He wrote original poems that have survived mainly in Catholic hymnals due to a clear adherence to Catholic doctrine. Caswall is best known for his translations from the Roman Breviary and other Latin sources, which are marked by faithfulness to the original and purity of rhythm. They were published in Lyra Catholica, containing all the breviary and missal hymns (London, 1849); The Masque of Mary (1858); and A May Pageant and other poems (1865). Hymns and Poems (1873) are the three books combined, with many of the hymns rewritten or revised. Some of his translations are used in the Hymns Ancient and Modern.[2] His widely used hymn texts and translations include “Alleluia! Alleluia! Let the Holy Anthem Rise”; “Come, Holy Ghost”; “Jesus, the Very Thought of Thee”; “When Morning Gilds the Skies”; and “Ye Sons and Daughters of the Lord”.[3]

Of course, if you know anything about me, if something is extremely pretty, I can’t resist messing with it. So I doubled the tempo, swung the quarter notes, and played it on Soprano and Tenor Saxophones.

Sax Quartet Version:

075b.TheRoyalBannersForwardGo

Please turn to number 75 (Second Tune) and join with the clarinets in “The Royal Banners Forward Go”.

Number: 75 (Second Tune)
First Line: The Royal Banners Forward Go
Name: PARKER.
Meter: L.M.
Music: Horatio Parker, 1863-1919
Text: Sts. 1-4, Venatius Fortunatus, 530-609
Sts. 5,6, Anonymous
Tr. Episcopal Hymnal, 1940

Clarinet Arrangement: 075b.TheRoyalBannersForwardGo

The same text set to very different music.

While this arrangement was easy to transcribe and record, I had a much harder time finding room for my second verse solo “Hymnprovisation”. There’s a lot of freedom in the simple harmonies of chant. When you start getting more chord changes in there, it becomes more complicated for improvisation.

I always think of improvisation sort of like navigating an obstacle course. With Chant, you basically have a straight track with maybe one obstacle in the middle. With modern arrangements (and jazz), it becomes a steeple chase.

Red Service Book and Hymnal
Red Service Book and Hymnal

075a.TheRoyalBannersForwardGo

Please turn to number 75 (First Tune) and join with the woodwinds in “The Royal Banners Forward Go”.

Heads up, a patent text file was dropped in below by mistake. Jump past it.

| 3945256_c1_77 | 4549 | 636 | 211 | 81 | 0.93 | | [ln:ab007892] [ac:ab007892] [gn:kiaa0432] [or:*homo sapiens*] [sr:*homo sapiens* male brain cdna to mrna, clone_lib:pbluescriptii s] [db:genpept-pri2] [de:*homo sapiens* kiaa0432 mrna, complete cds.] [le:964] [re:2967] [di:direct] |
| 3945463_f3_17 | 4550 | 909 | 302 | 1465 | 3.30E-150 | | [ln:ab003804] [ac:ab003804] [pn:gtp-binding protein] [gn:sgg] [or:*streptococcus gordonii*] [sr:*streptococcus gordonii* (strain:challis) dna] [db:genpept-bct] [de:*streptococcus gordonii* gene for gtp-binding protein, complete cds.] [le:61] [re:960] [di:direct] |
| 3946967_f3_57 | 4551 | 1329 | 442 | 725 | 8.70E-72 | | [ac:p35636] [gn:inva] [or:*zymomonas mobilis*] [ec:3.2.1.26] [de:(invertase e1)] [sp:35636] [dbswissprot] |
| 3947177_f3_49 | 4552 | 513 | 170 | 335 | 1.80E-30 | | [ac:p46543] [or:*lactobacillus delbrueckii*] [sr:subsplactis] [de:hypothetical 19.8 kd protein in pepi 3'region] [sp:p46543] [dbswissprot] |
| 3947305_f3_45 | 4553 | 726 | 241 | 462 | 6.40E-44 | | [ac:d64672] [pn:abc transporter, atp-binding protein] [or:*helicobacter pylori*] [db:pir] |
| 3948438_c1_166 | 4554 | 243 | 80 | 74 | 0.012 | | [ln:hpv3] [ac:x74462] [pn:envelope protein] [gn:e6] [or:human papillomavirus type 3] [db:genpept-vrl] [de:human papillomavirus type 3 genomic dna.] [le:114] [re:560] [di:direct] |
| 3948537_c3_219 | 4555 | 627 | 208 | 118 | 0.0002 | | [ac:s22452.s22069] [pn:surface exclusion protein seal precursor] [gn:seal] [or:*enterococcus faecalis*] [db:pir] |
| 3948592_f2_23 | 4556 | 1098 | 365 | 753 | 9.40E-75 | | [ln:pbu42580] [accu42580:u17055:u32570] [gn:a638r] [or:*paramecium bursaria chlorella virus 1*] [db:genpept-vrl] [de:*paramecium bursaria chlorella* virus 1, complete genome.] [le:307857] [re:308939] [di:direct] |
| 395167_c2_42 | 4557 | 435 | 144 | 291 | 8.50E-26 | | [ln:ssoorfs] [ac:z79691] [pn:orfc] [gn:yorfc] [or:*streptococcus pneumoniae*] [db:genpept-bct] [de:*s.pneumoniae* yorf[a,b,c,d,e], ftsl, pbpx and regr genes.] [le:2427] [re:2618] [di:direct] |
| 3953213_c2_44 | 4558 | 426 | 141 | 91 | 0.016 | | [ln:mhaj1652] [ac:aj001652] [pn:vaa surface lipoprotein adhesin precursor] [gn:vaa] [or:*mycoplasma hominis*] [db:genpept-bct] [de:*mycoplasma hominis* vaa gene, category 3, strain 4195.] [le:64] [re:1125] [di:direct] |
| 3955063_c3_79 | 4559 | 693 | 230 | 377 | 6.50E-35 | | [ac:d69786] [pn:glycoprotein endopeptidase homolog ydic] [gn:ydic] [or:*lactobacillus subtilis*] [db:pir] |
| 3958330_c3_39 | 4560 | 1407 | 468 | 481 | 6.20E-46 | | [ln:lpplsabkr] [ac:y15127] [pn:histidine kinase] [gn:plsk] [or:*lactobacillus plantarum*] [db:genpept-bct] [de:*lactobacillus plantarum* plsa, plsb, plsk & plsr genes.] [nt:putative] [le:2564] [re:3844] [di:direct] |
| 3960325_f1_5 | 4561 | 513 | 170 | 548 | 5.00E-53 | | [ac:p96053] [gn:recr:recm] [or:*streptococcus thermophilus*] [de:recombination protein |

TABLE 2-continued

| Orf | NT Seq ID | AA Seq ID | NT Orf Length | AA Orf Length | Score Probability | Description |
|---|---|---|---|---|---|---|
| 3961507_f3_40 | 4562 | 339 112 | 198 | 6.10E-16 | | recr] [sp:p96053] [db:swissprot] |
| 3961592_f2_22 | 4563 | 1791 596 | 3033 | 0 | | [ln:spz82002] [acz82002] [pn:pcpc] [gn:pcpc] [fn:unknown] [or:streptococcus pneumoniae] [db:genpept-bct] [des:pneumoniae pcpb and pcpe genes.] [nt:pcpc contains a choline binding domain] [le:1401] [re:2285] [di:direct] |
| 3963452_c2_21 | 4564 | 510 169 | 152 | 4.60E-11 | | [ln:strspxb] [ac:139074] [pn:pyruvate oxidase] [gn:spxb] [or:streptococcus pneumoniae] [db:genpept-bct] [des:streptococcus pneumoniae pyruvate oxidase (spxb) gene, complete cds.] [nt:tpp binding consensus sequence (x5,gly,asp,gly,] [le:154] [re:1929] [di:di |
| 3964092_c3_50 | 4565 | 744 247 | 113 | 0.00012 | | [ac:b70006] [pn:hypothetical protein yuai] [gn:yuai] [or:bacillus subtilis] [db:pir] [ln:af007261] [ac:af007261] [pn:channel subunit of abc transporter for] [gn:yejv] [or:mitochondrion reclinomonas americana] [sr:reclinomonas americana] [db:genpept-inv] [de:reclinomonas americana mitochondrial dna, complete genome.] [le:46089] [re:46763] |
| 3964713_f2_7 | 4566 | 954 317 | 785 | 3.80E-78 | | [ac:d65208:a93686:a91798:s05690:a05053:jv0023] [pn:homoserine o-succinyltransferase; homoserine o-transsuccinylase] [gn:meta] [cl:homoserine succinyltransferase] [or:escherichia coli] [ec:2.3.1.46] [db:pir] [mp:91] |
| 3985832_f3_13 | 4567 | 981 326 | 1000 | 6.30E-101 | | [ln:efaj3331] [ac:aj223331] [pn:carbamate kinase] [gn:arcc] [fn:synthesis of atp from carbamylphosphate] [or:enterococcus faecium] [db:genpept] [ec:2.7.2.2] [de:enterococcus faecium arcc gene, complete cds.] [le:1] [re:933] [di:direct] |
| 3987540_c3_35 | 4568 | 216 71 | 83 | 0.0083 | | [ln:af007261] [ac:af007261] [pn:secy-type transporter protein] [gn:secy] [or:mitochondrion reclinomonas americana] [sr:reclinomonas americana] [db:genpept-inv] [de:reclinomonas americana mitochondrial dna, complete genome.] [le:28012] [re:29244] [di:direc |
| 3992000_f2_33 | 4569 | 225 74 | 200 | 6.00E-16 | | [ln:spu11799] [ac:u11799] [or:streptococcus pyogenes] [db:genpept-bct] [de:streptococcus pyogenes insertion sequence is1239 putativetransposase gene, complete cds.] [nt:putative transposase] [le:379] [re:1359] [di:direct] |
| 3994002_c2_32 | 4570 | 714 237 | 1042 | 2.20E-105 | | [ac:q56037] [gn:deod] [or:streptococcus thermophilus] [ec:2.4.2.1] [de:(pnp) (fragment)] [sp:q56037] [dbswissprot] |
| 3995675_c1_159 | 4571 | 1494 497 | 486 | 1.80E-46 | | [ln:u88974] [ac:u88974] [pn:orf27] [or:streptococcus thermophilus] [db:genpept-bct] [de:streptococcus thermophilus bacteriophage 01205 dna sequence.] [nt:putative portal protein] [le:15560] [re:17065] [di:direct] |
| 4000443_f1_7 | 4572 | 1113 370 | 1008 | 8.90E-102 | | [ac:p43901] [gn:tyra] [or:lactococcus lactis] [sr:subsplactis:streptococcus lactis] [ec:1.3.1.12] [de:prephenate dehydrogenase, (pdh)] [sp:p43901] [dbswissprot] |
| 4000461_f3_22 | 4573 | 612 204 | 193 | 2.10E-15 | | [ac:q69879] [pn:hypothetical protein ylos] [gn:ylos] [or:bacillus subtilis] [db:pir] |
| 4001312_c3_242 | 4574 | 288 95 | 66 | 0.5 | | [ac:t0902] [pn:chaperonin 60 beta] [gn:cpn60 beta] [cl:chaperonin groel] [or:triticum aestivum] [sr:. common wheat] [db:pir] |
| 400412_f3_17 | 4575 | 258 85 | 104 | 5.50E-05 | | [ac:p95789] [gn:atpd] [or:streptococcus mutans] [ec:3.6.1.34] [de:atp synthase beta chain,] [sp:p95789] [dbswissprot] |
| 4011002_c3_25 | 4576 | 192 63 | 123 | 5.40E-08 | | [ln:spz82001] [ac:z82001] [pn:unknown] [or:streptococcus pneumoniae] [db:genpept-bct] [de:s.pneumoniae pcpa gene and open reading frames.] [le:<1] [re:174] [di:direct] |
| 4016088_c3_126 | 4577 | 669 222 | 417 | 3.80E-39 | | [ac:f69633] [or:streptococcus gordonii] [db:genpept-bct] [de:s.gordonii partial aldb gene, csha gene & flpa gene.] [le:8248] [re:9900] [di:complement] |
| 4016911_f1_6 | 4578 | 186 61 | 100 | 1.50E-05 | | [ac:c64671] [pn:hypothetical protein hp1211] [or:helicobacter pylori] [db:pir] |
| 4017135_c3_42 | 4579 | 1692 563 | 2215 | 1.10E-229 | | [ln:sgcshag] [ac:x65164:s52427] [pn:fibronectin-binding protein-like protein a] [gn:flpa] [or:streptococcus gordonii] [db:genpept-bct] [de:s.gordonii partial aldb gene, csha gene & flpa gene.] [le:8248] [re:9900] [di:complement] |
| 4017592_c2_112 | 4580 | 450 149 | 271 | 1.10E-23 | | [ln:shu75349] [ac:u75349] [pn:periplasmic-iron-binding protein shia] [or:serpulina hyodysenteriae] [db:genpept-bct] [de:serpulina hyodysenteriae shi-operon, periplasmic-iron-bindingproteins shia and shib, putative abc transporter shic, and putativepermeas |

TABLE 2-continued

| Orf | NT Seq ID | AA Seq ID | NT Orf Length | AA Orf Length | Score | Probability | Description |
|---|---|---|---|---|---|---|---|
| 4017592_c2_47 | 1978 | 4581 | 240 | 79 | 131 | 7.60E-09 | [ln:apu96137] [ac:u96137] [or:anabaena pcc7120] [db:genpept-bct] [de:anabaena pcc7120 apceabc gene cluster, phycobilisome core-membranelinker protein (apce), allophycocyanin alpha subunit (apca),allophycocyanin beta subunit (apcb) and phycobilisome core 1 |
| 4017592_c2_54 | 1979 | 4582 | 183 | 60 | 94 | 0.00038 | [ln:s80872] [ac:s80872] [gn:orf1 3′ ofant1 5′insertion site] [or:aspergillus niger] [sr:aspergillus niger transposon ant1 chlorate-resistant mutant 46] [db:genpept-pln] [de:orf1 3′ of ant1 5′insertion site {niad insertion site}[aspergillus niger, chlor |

Number: 75 (First Tune)
First Line: The Royal Banners Forward Go
Name: VEXILLA REGIS PRODEUNT.
Meter: Irregular.
Tempo: Unision
Music: Plainsong Melody, Mode I
Arr. Ernest White, 1899-
Text: Sts. 1-4, Venatius Fortunatus, 530-609
Sts. 5,6, Anonymous
Tr. Episcopal Hymnal, 1940

Clarinet Arrangement: 075.TheRoyalBannersForwardGo

I have come to almost dread these Edmund White arrangements of Medieval chant.

First, they’re a pain to transcribe. There is inevitably some mis-match between the beats in the different parts, which forces me to use my own judgement.

Second, the hymns, as written, have no measures. So, the “meter” such that it exists I can only divine based upon the length of the musical phrases, rather than actual written measures. In this case, it means I have to divy it up several different meters. It starts in 6/8. Moves to 5/8 for a measure. Then goes to 7/8 for a few. Has a measure of 8/8. Then two of 6/8. One measure of 5/8. And it finishes in 7/8. It’s almost as bad as a Rush song.

Anyway, all that counting is tough, especially at the relatively slow pace of a medieval chant. It’s one thing to mis half a beat when you’re cruising along with a ton of little notes, but when your travelling at 72bpm, it just sounds sloppy. It’s kind of a zen mode where you have to count very slowly and carefully.

Anyway, usually what happens is there is usually a short motif which all the parts perform in unison, which sort of provides the framework upon which these pieces hang. In this case, it is two quarter notes at the end of each phrase.

So, they take a lot of work, compared to more modern (Ha!) hymns in the book, and several days to get myself into the proper frame of mind to be able to perform all 4 parts accurately 3 times through.

But, I do really enjoy them, once I get in the mind set.

I did a bit of “Hymnprovisation” on the second time through, and am pretty pleased with how it turned out.

This is the first hymn of the section in celebration of Holy Week, the days between Palm Sunday and Good Friday.

Red Service Book and Hymnal
Red Service Book and Hymnal